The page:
Thursday 22 February 2018

Group of gardai lose €2m in Byrne property fraud


A GROUP of gardai who individually borrowed large sums of money to invest in property are understood to have lost €2m as part of the massive fraud carried out by solicitor Thomas Byrne.

Sources in An Garda Siochana say eight Dublin gardai borrowed around €250,000 each to buy a property in north inner Dublin, which they intended to convert into apartments. Sources say the transaction was never completed, after it emerged the money was missing.

The garda losses were not mentioned in the case against Byrne, who was convicted on 50 counts of fraud totalling €51.8m and who faces sentencing early next month.

Gardai say that the syndicate of detectives involved with Byrne are not the only gardai who made losses in the property market collapse.

A number of senior gardai followed the syndicate into the property market at the height of the bubble and have suffered significant losses, it is said. In one instance, three senior officers are said to have borrowed in the region of €800,000 to invest in properties and have made substantial losses. They were not involved with Byrne.

Garda sources say that the senior officers involved in the property speculation borrowed from the Garda's St Raphael's Credit Union and also from banks. St Raphael's has unpaid loans on a similar ratio to other major credit unions, with about 10 per cent of loans behind in payments or written off. Under Garda regulations, members of the force are not allowed to be in a situation where they are unable to repay debts and gardai accumulating unsustainable debt can face suspension or dismissal.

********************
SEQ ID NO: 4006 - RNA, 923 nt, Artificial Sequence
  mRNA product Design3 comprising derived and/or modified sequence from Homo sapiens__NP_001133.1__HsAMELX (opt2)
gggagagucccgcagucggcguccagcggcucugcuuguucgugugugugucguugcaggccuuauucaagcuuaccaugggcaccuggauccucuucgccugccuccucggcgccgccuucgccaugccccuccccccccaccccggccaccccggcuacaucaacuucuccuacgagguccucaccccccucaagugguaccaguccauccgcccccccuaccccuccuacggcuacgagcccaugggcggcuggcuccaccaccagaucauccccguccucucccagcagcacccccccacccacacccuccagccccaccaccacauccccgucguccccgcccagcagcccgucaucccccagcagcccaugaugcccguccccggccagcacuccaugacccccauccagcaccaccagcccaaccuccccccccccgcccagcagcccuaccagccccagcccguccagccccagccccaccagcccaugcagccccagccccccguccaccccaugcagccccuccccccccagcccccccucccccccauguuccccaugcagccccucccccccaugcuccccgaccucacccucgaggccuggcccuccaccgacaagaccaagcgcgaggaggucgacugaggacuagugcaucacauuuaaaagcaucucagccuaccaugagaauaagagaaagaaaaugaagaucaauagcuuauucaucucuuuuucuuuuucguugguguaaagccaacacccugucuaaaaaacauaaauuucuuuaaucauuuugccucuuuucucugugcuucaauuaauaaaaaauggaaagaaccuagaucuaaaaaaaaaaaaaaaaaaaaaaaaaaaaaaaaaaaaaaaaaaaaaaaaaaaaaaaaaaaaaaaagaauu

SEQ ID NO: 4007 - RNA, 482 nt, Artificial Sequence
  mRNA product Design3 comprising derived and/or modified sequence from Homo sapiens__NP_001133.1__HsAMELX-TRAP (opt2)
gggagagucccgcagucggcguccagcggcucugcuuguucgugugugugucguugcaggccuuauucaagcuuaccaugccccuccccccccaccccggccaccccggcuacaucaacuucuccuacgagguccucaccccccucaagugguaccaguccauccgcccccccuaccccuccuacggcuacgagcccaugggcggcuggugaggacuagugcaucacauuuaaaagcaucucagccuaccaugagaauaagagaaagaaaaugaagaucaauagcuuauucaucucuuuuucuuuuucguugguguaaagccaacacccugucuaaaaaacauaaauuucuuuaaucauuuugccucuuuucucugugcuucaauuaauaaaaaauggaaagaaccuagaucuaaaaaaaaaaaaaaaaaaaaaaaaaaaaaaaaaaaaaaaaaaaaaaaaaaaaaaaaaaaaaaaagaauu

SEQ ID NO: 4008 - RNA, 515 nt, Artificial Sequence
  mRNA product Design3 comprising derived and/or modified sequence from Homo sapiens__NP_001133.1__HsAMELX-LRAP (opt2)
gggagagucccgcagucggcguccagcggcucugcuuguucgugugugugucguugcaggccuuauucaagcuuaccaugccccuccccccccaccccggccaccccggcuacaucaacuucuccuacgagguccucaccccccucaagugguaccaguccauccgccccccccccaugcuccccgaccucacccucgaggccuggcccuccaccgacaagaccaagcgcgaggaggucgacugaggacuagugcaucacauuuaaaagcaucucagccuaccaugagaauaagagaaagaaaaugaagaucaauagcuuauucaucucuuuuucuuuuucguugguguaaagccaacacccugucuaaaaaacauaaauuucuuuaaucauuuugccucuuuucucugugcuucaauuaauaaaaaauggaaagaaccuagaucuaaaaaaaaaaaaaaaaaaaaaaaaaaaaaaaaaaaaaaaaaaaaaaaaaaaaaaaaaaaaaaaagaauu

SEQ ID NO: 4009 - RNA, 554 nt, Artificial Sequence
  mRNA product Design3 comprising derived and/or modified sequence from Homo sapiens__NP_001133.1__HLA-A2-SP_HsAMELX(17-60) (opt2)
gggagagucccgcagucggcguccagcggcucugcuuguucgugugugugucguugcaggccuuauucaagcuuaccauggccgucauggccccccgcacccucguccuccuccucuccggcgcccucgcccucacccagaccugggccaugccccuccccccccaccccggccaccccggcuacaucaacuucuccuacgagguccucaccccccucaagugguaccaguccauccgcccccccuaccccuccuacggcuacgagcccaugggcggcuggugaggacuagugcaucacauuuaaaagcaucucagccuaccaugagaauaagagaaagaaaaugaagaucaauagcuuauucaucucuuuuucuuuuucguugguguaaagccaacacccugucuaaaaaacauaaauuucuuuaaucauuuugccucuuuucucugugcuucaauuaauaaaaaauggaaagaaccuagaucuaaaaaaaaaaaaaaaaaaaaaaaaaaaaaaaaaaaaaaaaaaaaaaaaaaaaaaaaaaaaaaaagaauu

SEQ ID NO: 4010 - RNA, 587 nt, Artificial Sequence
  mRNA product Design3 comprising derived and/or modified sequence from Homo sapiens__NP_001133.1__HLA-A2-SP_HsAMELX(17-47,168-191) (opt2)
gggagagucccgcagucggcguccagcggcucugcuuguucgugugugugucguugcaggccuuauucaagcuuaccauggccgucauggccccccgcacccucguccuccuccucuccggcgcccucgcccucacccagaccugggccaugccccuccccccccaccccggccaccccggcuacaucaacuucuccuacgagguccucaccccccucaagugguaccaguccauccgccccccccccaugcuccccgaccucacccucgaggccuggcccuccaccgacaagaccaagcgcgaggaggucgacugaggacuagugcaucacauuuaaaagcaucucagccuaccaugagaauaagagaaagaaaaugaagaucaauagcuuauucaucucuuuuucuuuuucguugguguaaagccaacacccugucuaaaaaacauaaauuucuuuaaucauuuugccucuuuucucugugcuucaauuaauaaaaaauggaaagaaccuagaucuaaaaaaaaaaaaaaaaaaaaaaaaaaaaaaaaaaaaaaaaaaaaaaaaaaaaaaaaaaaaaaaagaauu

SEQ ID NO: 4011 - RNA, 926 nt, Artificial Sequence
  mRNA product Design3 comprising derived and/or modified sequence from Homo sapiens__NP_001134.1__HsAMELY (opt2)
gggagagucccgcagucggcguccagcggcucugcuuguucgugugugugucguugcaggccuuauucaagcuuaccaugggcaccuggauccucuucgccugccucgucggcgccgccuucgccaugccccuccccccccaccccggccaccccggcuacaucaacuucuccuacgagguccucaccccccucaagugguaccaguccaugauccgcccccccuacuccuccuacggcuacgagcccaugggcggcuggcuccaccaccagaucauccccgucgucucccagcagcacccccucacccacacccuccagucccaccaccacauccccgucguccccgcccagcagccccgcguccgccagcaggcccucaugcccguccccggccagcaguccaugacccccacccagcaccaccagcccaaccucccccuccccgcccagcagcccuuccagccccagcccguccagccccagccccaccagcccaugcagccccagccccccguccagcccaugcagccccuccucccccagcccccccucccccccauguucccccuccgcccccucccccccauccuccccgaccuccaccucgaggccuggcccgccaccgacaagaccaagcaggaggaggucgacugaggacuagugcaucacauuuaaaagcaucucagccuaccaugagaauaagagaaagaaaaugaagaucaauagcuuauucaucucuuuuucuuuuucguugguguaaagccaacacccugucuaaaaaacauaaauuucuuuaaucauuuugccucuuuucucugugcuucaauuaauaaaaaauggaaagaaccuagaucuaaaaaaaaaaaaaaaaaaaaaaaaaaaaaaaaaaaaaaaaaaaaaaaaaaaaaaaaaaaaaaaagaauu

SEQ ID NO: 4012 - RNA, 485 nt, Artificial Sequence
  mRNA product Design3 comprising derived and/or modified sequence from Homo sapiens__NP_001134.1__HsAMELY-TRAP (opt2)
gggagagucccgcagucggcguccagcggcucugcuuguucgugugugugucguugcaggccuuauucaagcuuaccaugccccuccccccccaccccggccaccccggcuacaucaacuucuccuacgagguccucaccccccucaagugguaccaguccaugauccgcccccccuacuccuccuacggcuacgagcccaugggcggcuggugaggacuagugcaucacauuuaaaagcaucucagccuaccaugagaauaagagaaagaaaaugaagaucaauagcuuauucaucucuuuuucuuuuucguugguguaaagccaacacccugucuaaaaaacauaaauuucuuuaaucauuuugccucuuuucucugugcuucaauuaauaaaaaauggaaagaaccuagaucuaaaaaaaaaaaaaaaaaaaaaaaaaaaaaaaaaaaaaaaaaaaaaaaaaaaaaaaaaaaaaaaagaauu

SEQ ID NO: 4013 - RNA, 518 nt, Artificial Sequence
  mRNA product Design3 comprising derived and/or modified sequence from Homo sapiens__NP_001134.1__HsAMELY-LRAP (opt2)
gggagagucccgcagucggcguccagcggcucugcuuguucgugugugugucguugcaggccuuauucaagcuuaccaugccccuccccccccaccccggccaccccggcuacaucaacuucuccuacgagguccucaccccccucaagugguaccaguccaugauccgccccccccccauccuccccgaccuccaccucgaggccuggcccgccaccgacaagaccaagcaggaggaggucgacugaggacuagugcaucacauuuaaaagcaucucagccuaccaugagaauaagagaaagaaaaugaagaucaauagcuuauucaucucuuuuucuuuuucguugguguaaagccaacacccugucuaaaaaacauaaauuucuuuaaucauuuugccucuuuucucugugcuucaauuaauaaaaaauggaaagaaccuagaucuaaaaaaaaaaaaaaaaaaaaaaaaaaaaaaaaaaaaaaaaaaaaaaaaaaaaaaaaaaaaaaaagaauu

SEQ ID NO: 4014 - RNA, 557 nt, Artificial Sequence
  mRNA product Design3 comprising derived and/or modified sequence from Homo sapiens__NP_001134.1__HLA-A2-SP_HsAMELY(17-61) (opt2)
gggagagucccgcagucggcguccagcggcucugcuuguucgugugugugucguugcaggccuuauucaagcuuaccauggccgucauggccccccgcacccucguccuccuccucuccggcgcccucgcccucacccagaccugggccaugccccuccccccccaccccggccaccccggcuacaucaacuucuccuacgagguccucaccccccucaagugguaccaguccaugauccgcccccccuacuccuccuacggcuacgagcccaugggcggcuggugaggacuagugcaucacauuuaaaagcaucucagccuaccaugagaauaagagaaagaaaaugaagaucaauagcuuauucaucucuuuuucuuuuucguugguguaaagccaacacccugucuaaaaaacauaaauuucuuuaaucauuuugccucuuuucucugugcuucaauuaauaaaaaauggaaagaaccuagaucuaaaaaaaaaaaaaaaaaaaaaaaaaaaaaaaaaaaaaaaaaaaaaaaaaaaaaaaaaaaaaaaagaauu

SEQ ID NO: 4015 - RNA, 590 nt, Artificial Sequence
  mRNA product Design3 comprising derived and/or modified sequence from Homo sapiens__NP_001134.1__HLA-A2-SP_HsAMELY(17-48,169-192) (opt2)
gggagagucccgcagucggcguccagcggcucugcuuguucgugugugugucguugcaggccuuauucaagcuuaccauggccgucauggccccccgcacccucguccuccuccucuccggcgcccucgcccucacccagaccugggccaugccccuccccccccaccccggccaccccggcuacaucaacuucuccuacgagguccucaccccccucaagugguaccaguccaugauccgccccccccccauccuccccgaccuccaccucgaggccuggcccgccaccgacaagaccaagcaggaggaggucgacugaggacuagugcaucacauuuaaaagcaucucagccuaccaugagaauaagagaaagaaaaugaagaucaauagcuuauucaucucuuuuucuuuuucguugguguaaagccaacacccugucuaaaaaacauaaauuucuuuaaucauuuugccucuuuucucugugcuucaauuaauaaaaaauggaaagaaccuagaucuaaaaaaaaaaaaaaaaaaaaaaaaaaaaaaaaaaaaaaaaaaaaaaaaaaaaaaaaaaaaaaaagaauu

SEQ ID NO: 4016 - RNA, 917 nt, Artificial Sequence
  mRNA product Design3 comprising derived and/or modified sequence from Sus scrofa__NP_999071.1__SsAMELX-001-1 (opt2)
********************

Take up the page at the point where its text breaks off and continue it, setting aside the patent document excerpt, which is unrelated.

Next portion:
The Garda Disciplinary Regulations make "incurring and refusing or neglecting to pay any lawful debt, or becoming bankrupt, or seeking the protection of the Court from process at the suit of his creditors" a disciplinary matter, potentially leading to suspension or dismissal.

Earlier this year, it emerged the Government was considering changes to the garda disciplinary code to allow debt-laden gardai to qualify for the insolvency scheme. During the period of rising property prices – and abundant garda overtime – many younger gardai took out large mortgages and borrowed from the garda credit unions to fund lifestyles they can no longer afford.

In March, the issue of garda insolvency was raised in the Dail, with Labour TDs calling for changes to the Garda regulations for gardai to be allowed to avail of the terms of the Personal Insolvency bill.

The disciplinary regulations about garda indebtedness were introduced in 1923 in legislation setting up the force and were intended to prevent corruption. In March it emerged that €13,000, the proceeds of a robbery, had been stolen from a safe in Balbriggan garda station. And in June it further emerged that €29,000 in cash, also the proceeds of a robbery, was missing from Malahide garda station.

One garda was arrested and questioned in relation to the theft from Balbriggan station, but no charges have been brought. No arrests have been made in relation to the money missing from Malahide.

Sunday Independent

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